The structure I have described is developing in a continuous process, without predetermined or ultimate goal. The structure is created and sustained by the existence of an unlimited number of pointers, providing connections to the past, present and future of discarded, existing and yet-to-be-revealed identities. These pointers might be events, ideas, feelings, memories, illusions, hopes, and fears, all building up an heterogeneous repertory of innumerable entry points to the process of designing our own lives. They might also be "archives of things, objects, styles, protagonists and theories", "case-studies", "design anecdotes", "testimonies to temporary fits between artifacts and contexts", which contribute to the creation of our personal "construction kit".(7) Here lies the significance of "unlearning".(10) Jones stresses the importance of "means of unlearning, publicly, with changing, not fixed self-images" (quoted in (9)). The process involves life-long learning of how to unlearn, especially how to unlearn each other and our stereotypes and misconceptions about each other, so that we can look again with fresh vision and, hopefully, begin to see. Unexpected readings and new interpretations are essential ingredients of this process, which involves a strong element of surprise. Surprise presupposes originality, which is desirable in academic research and might as well be in life situations, as it usually produces intellectual or emotional reward. Admittedly, the process described entails hard work and has no end. It also generates more complexity and places higher demands, all the more threatening to narrow minds and fearful souls. Furthermore, it implies educating each other to the process of making fresh starts in thinking, mutual understanding and communication. There seems to be an opportunity and a promising foundation for building solid communities.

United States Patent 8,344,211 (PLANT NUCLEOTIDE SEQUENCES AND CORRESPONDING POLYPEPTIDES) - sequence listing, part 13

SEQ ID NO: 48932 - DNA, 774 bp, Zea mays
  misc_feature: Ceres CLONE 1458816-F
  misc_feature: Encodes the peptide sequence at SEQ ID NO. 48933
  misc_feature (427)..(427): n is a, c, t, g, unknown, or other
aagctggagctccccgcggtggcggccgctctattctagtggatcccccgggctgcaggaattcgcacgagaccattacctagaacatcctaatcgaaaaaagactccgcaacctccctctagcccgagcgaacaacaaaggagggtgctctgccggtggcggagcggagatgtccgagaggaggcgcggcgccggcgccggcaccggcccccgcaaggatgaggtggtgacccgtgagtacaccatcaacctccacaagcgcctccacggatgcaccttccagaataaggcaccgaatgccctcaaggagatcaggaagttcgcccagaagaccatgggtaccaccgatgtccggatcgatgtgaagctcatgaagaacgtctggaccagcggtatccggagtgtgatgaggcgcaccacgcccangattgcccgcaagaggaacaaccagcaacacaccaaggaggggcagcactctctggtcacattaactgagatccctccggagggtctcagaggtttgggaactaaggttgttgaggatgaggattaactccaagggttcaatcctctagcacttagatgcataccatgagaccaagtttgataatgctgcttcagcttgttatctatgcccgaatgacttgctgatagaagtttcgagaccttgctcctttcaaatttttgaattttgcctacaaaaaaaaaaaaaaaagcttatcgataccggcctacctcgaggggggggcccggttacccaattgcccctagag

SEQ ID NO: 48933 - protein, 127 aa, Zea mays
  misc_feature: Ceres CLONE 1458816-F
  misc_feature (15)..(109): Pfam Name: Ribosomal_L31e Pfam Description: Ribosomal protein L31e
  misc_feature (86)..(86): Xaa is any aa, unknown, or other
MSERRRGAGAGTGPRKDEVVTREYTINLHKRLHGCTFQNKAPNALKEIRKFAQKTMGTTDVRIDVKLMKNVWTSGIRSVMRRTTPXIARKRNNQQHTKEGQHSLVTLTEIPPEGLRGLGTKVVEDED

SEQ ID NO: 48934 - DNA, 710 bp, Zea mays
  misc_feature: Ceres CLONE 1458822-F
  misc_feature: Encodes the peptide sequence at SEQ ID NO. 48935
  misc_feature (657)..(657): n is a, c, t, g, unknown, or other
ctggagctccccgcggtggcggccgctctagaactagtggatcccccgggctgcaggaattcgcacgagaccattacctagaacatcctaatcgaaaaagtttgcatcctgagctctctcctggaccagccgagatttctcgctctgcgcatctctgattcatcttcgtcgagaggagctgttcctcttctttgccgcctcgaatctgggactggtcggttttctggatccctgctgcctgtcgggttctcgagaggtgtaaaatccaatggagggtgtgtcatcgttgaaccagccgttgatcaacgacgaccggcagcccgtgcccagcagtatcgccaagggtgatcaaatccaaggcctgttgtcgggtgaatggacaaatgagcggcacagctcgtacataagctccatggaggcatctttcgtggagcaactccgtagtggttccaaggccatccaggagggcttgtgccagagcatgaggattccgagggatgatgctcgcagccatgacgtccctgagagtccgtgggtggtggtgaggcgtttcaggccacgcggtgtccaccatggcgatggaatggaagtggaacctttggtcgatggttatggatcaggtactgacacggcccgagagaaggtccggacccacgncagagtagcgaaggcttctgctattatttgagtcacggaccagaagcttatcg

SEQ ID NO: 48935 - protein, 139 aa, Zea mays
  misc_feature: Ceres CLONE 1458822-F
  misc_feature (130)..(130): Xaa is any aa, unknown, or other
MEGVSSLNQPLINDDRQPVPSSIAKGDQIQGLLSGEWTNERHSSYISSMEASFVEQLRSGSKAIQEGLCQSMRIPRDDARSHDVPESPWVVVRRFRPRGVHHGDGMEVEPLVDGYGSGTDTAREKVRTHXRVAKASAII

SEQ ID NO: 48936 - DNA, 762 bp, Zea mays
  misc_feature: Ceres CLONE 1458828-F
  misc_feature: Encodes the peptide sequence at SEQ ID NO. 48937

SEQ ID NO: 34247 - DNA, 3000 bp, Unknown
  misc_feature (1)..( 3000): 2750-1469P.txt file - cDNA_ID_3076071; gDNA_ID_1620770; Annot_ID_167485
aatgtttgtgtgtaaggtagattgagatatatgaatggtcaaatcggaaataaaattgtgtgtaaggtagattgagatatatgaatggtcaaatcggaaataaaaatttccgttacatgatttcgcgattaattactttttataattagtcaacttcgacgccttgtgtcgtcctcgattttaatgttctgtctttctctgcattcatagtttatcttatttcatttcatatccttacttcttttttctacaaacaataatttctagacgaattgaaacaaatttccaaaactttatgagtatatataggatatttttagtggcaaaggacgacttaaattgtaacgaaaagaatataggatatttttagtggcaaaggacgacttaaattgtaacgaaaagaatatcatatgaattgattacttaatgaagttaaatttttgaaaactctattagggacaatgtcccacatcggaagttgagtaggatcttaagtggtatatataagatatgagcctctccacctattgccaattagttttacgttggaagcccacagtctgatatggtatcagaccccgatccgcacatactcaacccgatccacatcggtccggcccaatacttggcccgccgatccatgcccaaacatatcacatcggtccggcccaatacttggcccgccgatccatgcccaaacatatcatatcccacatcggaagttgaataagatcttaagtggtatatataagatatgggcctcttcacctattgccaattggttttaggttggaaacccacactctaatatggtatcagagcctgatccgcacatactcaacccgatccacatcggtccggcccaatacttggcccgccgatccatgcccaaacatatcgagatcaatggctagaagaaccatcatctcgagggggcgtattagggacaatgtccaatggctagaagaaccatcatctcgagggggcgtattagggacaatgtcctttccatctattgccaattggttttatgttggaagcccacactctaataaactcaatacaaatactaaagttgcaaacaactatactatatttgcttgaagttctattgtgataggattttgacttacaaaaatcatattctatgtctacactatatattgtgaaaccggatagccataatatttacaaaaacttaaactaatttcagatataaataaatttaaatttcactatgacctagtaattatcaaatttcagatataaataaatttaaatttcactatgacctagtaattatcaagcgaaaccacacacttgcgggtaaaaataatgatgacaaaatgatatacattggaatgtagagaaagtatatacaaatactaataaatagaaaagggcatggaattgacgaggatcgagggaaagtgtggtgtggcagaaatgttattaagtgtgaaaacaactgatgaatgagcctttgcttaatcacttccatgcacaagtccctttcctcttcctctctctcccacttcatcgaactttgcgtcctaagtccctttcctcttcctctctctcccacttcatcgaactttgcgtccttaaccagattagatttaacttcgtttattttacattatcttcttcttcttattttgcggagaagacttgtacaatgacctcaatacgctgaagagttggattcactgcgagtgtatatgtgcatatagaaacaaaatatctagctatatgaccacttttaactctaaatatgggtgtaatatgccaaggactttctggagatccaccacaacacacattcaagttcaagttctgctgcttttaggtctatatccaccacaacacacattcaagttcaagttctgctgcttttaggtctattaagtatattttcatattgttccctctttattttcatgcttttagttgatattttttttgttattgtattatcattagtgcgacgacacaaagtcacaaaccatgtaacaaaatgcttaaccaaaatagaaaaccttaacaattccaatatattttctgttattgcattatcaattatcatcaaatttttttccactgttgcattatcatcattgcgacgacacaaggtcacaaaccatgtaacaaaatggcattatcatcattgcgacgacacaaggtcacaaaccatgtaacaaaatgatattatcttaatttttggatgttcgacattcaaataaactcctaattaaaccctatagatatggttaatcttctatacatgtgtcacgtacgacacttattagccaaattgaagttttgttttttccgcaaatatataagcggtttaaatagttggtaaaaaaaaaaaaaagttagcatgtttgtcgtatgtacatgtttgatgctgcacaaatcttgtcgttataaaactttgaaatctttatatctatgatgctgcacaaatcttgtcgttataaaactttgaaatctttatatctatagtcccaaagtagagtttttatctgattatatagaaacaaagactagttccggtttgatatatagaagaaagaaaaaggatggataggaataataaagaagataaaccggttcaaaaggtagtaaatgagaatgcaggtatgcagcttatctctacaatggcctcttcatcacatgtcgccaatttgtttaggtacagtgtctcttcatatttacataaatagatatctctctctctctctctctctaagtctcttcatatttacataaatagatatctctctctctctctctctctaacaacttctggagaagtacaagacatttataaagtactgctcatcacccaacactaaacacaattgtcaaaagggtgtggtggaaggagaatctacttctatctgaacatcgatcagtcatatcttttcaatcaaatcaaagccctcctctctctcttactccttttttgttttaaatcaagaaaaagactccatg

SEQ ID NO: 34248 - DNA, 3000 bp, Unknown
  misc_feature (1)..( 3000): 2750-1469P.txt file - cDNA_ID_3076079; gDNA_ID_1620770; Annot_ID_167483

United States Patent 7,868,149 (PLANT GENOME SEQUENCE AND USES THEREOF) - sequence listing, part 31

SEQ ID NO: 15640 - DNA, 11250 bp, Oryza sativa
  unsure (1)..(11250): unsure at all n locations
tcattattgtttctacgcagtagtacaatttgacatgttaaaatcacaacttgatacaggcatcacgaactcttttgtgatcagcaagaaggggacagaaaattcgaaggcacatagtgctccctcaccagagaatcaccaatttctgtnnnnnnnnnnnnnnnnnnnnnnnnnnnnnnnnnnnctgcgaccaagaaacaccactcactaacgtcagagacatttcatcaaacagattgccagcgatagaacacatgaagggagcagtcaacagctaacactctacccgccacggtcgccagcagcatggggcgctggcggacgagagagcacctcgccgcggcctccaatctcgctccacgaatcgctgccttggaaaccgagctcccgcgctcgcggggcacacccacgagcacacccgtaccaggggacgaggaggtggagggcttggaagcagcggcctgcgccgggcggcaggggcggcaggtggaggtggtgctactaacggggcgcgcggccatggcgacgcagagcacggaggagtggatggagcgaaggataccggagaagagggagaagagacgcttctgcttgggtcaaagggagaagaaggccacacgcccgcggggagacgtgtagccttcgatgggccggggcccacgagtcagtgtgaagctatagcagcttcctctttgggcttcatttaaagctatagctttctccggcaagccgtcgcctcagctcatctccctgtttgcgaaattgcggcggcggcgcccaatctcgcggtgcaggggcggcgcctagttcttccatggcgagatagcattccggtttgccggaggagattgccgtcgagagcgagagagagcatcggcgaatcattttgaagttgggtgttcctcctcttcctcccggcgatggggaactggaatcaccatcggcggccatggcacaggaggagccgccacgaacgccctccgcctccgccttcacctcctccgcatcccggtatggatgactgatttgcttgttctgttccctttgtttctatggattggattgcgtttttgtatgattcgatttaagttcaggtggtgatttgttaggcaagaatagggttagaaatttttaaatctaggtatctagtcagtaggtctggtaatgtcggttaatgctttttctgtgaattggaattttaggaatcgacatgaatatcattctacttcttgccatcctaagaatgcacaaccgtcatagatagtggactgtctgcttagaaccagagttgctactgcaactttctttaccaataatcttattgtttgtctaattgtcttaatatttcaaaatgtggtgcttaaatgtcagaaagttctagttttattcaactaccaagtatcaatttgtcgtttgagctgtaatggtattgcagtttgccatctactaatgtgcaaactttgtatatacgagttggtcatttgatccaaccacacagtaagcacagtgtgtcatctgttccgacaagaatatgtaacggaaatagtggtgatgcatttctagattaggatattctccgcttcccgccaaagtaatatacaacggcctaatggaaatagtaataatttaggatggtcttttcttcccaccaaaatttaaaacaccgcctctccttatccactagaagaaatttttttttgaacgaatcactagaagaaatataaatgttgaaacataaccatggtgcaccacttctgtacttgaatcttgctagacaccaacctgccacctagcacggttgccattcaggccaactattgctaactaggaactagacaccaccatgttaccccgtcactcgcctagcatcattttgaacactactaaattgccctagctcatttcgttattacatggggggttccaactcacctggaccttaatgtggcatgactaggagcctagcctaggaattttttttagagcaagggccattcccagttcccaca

In this sense, design as a way to generate a plethora of objects becomes a misunderstanding. The process of design as a network of identities is compatible with the claims that design doesn't deal with the geometry of objects but with meaning as an integrating medium in complex systems. Therefore, the design product is no longer tangible, but a process of intervention into social systems.(14) If design is "foremost conceptual and creative of future conditions",(13) then it becomes possible to "imagine our lives".(1) The kinds of imagination needed here are "anti-gadget".(1) Design is no longer related to material manifestations but it becomes a way of life, a socially embedded process of discovery.(1) Furthermore, it is no longer limited to professionals.(11) We become the designers of our own lives, taking over the job of what was done in the past "by poets, and intellectuals, and propagandists. And by social movements."(1) We participate in shaping our own future, a task assigned to "poets, science-fiction writers, and dreamers."(11) Couldn't we all, anyone of us, assume these roles in our lives? Couldn't we thus become "our own groundless ground"?(5)